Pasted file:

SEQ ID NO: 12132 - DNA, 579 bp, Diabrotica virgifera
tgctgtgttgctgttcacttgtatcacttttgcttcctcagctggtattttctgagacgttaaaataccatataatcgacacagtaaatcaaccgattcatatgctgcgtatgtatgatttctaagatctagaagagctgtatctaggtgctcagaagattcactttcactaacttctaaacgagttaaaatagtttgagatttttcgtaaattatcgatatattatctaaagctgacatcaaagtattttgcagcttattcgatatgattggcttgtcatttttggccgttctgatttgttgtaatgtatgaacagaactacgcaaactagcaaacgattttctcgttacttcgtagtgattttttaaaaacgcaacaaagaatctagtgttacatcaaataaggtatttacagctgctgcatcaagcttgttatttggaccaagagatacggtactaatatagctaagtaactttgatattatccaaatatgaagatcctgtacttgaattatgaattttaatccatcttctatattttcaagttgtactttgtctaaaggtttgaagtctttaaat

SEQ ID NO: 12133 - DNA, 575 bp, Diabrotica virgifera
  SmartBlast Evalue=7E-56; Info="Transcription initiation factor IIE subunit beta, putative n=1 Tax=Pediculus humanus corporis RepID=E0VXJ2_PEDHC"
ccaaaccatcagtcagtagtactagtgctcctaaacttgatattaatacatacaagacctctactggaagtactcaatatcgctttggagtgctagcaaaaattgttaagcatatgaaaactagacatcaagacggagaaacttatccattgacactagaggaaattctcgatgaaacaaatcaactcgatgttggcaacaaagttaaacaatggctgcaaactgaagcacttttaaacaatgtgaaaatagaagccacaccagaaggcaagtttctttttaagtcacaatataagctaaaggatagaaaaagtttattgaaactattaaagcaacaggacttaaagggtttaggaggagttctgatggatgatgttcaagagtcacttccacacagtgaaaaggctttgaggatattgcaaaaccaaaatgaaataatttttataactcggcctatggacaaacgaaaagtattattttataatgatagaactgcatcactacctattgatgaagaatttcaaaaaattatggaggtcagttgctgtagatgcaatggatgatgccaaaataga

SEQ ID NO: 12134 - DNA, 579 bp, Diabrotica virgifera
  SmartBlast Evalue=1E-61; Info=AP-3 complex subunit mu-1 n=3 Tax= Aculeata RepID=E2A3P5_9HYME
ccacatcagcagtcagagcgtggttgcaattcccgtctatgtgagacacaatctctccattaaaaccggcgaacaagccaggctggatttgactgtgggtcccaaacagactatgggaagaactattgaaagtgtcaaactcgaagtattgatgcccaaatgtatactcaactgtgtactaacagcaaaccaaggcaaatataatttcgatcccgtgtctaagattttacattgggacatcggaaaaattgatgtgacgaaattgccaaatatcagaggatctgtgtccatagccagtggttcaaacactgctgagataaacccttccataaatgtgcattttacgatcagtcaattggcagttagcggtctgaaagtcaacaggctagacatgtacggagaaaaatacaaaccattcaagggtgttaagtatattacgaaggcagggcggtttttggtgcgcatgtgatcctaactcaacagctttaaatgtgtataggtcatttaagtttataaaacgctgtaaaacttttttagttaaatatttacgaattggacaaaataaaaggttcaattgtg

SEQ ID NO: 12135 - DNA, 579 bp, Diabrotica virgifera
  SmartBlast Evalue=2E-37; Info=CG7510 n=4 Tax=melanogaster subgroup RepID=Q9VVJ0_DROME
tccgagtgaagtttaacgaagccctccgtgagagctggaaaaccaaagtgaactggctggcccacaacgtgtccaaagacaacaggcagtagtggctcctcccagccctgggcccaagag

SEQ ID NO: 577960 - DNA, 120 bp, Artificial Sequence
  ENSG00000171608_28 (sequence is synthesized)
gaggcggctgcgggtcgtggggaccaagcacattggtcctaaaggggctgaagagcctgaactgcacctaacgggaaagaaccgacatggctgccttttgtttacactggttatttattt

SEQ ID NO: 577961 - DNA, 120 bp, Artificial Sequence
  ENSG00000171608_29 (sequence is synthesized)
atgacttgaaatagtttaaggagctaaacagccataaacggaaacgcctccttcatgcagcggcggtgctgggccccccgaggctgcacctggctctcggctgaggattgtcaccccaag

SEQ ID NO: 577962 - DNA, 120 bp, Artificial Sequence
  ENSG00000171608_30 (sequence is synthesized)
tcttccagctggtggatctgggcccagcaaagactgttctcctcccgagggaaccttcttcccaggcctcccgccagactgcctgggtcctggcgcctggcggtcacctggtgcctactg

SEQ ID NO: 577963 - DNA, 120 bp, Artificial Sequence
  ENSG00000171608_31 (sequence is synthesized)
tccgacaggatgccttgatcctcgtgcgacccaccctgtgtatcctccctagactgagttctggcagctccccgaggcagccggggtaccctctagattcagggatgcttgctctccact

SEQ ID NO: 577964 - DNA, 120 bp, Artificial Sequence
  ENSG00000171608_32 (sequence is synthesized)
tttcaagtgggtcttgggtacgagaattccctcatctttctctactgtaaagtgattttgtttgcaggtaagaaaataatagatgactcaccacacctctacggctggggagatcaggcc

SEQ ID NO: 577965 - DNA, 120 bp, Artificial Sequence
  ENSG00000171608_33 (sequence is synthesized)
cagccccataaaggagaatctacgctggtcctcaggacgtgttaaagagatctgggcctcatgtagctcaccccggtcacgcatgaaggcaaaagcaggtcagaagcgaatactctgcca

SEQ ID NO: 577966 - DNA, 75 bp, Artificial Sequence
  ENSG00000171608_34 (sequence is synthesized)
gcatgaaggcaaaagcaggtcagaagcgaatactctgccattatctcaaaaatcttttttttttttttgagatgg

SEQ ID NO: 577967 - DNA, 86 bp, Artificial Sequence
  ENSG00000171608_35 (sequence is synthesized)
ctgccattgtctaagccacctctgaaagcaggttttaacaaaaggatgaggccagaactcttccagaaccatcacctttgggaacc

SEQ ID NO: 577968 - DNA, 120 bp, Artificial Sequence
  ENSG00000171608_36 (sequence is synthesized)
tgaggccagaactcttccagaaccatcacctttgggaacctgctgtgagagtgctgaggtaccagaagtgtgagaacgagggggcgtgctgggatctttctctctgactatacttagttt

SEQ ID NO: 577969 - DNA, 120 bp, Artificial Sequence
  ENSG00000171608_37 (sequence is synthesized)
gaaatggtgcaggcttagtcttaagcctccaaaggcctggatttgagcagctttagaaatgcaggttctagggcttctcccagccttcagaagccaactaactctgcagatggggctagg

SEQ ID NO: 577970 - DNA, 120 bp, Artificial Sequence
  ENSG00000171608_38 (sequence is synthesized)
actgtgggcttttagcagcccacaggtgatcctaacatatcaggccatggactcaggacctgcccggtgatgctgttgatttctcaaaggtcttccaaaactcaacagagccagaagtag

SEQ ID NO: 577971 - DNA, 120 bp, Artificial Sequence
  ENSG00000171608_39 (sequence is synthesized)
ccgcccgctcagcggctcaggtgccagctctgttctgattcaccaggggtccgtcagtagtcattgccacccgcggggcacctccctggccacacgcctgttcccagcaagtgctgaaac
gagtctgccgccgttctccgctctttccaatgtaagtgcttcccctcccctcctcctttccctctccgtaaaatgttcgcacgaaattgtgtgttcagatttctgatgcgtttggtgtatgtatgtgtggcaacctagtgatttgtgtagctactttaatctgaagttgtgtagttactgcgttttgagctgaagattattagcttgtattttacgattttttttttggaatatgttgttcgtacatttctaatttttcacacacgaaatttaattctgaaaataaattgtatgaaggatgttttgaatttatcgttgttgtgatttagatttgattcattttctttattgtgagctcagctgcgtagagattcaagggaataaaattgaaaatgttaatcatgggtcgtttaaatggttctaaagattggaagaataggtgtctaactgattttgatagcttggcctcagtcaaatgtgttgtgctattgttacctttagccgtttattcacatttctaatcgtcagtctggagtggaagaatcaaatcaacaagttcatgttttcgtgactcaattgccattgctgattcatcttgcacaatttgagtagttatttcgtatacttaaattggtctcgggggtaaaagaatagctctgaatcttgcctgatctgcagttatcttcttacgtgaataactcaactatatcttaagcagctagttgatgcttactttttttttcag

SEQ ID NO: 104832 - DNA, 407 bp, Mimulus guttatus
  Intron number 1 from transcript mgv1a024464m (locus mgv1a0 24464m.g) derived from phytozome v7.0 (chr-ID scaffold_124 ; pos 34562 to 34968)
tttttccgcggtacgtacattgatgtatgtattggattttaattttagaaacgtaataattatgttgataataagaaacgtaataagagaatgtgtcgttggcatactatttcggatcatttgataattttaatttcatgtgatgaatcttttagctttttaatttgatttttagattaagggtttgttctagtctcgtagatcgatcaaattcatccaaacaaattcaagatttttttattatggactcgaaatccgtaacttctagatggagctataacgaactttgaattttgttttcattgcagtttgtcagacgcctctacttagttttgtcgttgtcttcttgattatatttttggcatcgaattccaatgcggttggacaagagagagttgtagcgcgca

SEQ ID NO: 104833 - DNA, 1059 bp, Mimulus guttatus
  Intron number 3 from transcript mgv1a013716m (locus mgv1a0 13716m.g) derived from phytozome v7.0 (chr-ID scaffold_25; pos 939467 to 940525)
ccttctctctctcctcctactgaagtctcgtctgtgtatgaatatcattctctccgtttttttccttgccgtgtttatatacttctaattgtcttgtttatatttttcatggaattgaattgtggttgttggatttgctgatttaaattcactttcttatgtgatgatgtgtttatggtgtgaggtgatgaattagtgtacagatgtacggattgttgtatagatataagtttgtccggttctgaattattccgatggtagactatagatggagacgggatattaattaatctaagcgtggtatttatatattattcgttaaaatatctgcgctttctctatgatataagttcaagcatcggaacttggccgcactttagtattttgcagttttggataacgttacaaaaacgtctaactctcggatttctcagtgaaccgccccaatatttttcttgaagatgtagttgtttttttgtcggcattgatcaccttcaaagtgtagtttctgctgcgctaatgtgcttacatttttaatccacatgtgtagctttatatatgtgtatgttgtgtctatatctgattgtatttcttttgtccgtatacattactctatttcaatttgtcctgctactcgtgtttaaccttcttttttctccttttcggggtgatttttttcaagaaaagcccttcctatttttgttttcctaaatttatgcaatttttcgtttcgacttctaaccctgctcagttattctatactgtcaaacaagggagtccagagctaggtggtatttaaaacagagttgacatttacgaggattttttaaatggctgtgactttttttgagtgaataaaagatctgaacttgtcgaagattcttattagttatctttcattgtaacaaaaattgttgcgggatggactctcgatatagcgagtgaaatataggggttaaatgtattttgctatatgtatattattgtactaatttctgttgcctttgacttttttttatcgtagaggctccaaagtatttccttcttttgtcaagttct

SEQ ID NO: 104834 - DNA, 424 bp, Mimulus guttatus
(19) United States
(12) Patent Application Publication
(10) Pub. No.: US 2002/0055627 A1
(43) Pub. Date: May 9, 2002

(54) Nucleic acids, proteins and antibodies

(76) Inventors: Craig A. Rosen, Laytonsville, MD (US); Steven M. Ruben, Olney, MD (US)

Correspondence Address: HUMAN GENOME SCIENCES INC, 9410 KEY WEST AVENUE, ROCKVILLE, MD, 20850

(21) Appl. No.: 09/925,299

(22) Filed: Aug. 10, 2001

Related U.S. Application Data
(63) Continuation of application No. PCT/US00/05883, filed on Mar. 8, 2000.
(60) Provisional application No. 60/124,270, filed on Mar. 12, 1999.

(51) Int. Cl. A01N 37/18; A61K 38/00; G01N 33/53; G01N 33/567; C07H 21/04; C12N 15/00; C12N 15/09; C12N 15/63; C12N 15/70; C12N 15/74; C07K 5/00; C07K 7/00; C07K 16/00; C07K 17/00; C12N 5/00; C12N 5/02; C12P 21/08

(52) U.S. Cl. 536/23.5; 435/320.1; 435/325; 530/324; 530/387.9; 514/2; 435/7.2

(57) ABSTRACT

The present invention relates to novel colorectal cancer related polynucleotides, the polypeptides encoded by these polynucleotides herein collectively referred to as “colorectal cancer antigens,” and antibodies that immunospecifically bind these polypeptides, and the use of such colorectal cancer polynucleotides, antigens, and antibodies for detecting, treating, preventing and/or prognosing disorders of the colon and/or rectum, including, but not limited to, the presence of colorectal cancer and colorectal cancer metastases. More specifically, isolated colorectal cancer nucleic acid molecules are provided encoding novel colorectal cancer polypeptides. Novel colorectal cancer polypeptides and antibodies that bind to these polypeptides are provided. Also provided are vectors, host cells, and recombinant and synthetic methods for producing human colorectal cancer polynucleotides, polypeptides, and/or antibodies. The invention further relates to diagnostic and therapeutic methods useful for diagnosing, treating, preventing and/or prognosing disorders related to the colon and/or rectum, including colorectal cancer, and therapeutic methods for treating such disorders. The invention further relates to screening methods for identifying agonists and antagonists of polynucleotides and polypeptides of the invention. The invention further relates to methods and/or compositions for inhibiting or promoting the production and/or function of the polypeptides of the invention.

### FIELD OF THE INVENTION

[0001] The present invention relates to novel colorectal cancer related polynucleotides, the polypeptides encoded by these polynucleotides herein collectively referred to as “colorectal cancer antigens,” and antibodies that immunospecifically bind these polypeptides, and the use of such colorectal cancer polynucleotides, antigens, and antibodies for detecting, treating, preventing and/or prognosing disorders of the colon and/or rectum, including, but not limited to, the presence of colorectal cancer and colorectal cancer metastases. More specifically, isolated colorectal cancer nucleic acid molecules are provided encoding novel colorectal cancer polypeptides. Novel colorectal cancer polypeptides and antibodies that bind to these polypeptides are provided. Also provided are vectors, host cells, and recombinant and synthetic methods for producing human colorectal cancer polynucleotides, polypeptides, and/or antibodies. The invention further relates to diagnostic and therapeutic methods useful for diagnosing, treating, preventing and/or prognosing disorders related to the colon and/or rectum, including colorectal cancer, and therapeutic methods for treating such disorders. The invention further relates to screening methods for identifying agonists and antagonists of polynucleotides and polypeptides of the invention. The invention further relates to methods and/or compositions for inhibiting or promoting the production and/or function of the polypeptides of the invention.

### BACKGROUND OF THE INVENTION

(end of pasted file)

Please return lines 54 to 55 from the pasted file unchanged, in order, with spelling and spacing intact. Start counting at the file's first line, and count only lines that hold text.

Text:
ccttctctctctcctcctactgaagtctcgtctgtgtatgaatatcattctctccgtttttttccttgccgtgtttatatacttctaattgtcttgtttatatttttcatggaattgaattgtggttgttggatttgctgatttaaattcactttcttatgtgatgatgtgtttatggtgtgaggtgatgaattagtgtacagatgtacggattgttgtatagatataagtttgtccggttctgaattattccgatggtagactatagatggagacgggatattaattaatctaagcgtggtatttatatattattcgttaaaatatctgcgctttctctatgatataagttcaagcatcggaacttggccgcactttagtattttgcagttttggataacgttacaaaaacgtctaactctcggatttctcagtgaaccgccccaatatttttcttgaagatgtagttgtttttttgtcggcattgatcaccttcaaagtgtagtttctgctgcgctaatgtgcttacatttttaatccacatgtgtagctttatatatgtgtatgttgtgtctatatctgattgtatttcttttgtccgtatacattactctatttcaatttgtcctgctactcgtgtttaaccttcttttttctccttttcggggtgatttttttcaagaaaagcccttcctatttttgttttcctaaatttatgcaatttttcgtttcgacttctaaccctgctcagttattctatactgtcaaacaagggagtccagagctaggtggtatttaaaacagagttgacatttacgaggattttttaaatggctgtgactttttttgagtgaataaaagatctgaacttgtcgaagattcttattagttatctttcattgtaacaaaaattgttgcgggatggactctcgatatagcgagtgaaatataggggttaaatgtattttgctatatgtatattattgtactaatttctgttgcctttgacttttttttatcgtagaggctccaaagtatttccttcttttgtcaagttct

SEQ ID NO: 104834 - DNA, 424 bp, Mimulus guttatus